The Bbys – Self-Titled Album

The Bbys are a quartet of sloppy looking young men from Milwaukee. Their self-titled album is also a joyfully sloppy affair. This is praise. Y’know how in Butch Cassidy & The Sundance Kid, Robert Redford (Sundance) was a super-cool killing machine with an incredible kill-ratio? No? Well, there’s a scene in the classic western where Redford’s character is given time to consider his target; to line up his shot, and squeeze the trigger. He misses of course. Sundance couldn’t shoot for shit unless he shot from the hip. When he relaxed, followed intuition, and let the lead fly he would fuck shit right up. Well, that’s a nice little analogy for the music of The Bbys.

This self-titled album is loose as hell. It shoots from the hip. These sloppy looking gentlemen, who we assume smell of beer and Dorito dust, have landed an album of genuine character – every track finds its target.  No one here is trying to reinvent the wheel. There’s no allusion to high-art, and yet there’s something deeply artful about the ten tracks.

From the outset, everything is distorted. Guitars, vocals, drums, bass. Polish is nothing to be proud of. The boozy urgency of Dylan Shanahan and Clyde Veleke’s guitar work blisters across the face of things. There’s structure here, somewhere. We’re in the paradox of musical looseness – where everyone knows what they’re doing, and tracks are felt through, rather than performed. Yet, this isn’t jam band territory. No such indulgence of ego. This is the raw energy of garage/punk/surf/rock that knows it’s limits, but doesn’t really give a shit for limits.

The energy of this album isn’t simply delivered by strummed riffs and the sense of community. Yes, it’s most likely that The Bbys have had more than one house-party gig, brought to an end with the audience on stage, collapsing into the drum kit. But there’s lyrical weight here too. Populated with heavy puns, and a kind of private language, we’re all invited to take part of the in-jokes.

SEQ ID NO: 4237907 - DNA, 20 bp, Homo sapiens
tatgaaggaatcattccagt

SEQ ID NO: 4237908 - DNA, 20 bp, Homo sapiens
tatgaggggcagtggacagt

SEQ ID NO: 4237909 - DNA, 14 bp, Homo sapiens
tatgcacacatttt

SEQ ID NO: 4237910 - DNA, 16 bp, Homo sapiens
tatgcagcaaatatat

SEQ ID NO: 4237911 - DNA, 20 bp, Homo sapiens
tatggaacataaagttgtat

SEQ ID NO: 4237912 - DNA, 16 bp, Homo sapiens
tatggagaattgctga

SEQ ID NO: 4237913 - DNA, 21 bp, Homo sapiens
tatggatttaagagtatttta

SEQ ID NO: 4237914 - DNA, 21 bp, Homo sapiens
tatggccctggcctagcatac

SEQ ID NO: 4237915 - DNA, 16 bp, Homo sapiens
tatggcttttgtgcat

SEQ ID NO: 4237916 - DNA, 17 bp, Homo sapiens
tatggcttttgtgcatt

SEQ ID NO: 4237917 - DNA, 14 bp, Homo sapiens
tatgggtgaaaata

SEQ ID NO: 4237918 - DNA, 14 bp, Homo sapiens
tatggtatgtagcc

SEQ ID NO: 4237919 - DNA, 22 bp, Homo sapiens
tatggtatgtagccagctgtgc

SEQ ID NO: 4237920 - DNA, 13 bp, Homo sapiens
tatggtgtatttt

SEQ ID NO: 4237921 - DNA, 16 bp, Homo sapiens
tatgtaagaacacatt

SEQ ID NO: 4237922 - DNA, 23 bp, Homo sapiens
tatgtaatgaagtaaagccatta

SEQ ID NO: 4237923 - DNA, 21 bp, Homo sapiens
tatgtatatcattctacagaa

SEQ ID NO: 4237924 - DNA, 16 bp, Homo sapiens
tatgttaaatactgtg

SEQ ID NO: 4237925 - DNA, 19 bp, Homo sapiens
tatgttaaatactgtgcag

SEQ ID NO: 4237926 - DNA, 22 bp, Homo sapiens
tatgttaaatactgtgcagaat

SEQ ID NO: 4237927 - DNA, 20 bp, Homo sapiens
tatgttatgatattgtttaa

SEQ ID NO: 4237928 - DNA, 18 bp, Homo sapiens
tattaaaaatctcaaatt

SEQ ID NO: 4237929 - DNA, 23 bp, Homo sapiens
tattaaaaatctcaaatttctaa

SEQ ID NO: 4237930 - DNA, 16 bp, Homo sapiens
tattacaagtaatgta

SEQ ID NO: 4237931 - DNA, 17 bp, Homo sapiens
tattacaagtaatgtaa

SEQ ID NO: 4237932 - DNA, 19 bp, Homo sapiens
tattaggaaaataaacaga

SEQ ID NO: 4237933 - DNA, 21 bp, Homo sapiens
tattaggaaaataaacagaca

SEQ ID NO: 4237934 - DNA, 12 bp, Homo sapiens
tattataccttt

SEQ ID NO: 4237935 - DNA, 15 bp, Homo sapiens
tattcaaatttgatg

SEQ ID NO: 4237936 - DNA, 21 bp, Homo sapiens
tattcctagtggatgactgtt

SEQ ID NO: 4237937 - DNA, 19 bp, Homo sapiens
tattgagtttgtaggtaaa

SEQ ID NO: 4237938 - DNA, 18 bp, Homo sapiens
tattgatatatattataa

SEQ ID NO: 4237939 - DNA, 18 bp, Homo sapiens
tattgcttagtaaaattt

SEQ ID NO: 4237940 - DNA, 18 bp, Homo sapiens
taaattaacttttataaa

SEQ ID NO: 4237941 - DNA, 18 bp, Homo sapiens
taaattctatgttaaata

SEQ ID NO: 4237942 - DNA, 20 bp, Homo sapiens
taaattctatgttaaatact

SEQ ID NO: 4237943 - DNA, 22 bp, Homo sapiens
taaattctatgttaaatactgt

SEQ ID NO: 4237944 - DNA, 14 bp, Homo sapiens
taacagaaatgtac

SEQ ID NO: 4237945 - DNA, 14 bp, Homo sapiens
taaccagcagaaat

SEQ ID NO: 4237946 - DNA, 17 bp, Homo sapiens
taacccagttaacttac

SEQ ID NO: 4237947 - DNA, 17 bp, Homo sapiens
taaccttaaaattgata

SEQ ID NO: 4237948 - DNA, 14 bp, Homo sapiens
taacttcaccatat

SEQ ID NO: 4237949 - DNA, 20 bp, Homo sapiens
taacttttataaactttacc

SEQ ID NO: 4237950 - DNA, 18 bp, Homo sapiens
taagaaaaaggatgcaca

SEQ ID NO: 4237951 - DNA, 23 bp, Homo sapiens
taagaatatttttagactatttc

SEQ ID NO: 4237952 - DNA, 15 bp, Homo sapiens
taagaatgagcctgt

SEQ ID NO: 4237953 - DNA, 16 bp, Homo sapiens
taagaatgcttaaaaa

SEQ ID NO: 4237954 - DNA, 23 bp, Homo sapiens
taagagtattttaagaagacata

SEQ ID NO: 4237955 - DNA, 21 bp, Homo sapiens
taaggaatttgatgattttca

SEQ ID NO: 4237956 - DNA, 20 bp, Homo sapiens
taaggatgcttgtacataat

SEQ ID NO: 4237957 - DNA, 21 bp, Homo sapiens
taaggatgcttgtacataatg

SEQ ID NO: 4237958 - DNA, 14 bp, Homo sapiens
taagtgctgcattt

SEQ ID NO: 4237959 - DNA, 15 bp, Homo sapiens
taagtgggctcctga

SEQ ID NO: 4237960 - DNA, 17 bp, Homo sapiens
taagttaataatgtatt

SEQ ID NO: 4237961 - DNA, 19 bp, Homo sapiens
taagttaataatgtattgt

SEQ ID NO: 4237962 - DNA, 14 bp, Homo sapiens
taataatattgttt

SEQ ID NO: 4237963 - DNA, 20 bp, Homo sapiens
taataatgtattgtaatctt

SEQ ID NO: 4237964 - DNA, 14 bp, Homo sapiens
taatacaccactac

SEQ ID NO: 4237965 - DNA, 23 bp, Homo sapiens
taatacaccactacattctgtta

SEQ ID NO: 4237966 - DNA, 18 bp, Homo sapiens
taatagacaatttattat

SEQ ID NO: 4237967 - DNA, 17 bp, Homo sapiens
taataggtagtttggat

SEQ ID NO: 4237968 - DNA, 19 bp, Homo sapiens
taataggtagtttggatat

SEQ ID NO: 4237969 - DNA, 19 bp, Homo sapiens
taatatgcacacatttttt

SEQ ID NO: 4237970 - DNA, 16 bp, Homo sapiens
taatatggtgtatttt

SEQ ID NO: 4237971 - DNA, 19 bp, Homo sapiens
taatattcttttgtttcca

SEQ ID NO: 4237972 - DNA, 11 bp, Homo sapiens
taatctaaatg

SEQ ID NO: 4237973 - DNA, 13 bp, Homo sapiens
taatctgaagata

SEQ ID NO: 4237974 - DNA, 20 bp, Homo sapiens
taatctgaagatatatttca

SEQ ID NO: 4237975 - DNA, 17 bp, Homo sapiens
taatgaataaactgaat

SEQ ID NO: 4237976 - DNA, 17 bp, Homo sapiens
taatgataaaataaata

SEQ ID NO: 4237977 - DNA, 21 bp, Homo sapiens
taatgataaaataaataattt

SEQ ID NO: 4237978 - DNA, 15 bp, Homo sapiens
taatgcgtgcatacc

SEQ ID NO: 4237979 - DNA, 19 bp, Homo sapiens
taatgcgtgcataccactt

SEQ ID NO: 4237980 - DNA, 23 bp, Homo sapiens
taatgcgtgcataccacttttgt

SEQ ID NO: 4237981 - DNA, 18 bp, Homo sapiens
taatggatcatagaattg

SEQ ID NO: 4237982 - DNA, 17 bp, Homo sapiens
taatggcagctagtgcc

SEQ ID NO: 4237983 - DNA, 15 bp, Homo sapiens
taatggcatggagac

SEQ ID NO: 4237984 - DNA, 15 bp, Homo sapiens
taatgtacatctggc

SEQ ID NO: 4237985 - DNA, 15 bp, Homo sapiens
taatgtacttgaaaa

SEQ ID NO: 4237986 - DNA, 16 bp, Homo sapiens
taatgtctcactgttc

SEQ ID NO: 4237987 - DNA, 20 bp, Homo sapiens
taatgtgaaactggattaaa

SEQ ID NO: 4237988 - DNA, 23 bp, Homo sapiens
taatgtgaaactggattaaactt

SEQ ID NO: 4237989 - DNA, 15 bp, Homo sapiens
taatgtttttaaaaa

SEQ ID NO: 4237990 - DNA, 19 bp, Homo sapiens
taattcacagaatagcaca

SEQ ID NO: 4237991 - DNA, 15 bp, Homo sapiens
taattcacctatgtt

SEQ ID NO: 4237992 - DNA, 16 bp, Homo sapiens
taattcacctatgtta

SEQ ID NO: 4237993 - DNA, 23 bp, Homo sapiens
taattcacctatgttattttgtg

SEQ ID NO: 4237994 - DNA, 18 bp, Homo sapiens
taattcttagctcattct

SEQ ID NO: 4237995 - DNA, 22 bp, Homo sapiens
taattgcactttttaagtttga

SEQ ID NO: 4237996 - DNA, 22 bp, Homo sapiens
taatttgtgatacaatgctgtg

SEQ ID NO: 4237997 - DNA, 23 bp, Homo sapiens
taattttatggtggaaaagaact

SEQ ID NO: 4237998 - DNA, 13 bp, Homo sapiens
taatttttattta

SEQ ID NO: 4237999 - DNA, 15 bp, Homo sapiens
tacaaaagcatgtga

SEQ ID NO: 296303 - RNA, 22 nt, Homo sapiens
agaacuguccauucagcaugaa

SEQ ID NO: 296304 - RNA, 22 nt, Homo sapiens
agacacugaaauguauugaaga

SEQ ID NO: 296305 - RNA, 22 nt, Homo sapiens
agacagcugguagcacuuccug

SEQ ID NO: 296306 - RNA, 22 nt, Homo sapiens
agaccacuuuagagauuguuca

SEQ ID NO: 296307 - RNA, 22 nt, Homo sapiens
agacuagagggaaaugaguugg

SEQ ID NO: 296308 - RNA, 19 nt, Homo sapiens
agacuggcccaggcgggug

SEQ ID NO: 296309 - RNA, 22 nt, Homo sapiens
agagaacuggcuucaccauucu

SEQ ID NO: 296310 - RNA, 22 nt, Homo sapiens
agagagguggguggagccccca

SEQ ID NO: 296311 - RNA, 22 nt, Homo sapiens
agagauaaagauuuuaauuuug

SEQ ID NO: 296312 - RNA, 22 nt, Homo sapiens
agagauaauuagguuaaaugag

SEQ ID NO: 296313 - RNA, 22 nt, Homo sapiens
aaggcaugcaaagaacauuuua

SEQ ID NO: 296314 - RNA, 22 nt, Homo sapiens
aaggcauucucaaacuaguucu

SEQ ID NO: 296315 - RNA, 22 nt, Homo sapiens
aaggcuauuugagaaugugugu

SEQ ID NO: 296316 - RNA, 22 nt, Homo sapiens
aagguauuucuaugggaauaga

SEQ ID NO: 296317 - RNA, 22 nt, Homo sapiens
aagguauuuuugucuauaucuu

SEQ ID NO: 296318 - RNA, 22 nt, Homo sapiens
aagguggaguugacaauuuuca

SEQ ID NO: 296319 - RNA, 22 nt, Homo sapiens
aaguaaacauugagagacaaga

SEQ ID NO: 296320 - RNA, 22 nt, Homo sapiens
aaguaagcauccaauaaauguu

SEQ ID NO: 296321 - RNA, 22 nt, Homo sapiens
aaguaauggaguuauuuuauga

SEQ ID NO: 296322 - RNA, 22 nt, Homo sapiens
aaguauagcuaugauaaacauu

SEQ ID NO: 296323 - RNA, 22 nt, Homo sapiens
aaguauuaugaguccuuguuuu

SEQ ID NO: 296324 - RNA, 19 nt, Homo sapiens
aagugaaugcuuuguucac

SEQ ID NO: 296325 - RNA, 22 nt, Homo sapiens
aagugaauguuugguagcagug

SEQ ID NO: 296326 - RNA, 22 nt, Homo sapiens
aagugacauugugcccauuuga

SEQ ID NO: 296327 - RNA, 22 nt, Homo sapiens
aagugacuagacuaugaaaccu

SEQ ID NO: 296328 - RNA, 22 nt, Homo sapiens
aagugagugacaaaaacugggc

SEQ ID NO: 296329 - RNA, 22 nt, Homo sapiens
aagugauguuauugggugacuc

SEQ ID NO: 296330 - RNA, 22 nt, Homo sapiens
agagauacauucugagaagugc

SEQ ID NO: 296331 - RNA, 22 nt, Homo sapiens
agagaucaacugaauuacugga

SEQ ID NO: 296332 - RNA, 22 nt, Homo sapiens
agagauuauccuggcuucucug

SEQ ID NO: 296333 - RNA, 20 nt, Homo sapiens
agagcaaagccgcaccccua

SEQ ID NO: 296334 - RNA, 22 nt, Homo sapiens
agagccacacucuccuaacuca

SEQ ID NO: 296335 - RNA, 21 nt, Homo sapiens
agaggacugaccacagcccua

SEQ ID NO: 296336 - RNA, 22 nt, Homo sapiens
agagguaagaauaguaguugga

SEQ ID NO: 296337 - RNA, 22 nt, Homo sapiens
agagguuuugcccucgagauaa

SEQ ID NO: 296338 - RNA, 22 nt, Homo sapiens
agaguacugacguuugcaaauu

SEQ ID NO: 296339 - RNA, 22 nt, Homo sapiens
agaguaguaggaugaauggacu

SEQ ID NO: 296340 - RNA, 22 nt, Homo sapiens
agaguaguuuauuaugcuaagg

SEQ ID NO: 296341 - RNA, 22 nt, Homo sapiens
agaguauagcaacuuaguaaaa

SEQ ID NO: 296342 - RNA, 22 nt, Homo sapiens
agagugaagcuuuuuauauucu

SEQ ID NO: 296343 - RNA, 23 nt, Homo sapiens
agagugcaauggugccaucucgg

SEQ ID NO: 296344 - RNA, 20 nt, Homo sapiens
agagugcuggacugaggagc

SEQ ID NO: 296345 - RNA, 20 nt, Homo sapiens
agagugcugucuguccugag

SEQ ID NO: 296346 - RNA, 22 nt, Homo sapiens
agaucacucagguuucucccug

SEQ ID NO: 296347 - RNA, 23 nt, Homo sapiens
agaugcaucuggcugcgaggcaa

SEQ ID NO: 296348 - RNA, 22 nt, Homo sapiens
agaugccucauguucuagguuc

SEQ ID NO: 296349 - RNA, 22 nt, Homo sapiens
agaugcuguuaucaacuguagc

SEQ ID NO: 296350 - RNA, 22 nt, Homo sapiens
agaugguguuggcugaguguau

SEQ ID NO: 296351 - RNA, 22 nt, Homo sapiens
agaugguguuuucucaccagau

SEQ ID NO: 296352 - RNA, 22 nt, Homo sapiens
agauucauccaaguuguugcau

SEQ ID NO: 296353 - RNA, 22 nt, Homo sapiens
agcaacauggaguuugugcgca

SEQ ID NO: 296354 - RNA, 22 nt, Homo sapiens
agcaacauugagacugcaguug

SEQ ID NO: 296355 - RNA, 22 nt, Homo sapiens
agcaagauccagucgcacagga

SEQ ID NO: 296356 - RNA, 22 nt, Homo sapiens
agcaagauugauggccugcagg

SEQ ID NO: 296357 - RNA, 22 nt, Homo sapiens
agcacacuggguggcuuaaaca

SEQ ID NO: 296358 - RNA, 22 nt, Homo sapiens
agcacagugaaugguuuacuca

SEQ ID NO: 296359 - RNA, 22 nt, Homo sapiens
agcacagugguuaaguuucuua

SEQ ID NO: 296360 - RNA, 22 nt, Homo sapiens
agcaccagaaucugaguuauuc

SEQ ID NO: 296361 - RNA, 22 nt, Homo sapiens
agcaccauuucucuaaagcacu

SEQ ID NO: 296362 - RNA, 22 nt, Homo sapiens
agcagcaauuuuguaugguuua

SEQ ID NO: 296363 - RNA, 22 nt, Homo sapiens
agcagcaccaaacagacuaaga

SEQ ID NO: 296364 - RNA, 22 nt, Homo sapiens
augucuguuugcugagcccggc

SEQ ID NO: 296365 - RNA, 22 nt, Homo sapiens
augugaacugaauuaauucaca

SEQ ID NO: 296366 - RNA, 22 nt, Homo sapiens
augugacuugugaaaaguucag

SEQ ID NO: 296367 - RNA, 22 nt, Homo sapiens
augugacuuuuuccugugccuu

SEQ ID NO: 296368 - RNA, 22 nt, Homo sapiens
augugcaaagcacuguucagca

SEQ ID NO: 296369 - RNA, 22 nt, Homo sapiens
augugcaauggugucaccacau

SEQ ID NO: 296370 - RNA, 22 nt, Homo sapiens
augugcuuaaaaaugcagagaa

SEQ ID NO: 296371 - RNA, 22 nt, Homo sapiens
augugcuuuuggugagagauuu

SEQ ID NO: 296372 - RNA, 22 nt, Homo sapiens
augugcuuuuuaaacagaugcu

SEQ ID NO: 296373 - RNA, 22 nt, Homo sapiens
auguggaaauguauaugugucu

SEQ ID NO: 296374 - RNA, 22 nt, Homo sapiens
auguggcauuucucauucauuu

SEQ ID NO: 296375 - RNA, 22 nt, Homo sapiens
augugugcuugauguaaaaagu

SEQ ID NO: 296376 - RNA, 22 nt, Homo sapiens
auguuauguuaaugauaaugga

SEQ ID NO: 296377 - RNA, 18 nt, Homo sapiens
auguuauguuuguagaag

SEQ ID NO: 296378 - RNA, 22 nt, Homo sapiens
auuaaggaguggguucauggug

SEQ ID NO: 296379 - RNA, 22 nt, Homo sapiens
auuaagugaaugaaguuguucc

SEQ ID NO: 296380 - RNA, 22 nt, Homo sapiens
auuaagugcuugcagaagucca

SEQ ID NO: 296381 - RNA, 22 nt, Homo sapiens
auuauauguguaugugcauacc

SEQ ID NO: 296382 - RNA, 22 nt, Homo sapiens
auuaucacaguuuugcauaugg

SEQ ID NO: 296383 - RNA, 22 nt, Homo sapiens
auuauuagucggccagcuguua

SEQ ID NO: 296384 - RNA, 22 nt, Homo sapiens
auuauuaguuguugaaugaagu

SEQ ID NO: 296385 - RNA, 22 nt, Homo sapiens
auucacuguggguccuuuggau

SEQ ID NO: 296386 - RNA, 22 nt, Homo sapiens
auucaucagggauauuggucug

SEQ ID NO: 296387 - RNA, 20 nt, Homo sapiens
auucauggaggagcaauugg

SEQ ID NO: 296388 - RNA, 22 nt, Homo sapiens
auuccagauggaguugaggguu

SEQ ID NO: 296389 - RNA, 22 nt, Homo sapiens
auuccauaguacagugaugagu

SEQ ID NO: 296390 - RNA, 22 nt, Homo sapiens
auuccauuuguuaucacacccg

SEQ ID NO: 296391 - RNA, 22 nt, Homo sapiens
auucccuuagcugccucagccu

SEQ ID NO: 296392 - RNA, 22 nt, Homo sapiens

‘Leather Heather’ may well be a person known to the band. She may well be a totem for something else. Actually, she may be some kind of political perspective. But the track, bringing a gentle respite to the rest of the chaos, sounds almost like a ballad. Careful, the guitar hook is almost delicate. We learn of lipstick, starry nights, and a lady that The Bbys claim to never have met. Throughout the album there are moments of zen-like simplicity where internal and external landscapes are brought together to produce something entirely true to the nature of intent.

‘MEGA MAGA’ is an explicitly political track. The temperature drops, we’re at rock bottom. Lyrically things are a little raw. Instrumentally we strut through the process. Whoops, there’s a guitar lick that sounds like Robbie Krieger dropped something in the Kool Aid. And perhaps there’s an insight to the process. For all the casual rolling, there’s an awareness of traditions that extend beyond the garage. Jazz progressions bleed in. There’s still no shine, but something here reveals an illuminated center.

With their self-titled album The Bbys have offered a clear picture of themselves. Inviting, intelligent, and weighty; they carry themselves lightly, but handle their art with deep regard. It takes unusual control to relax the eye and see what’s really there. Somehow, in this relaxing of grip, The Bbys have gained incredible control of their vision. Unadulterated, bright, and engaging. Great stuff.

the bbys album cover



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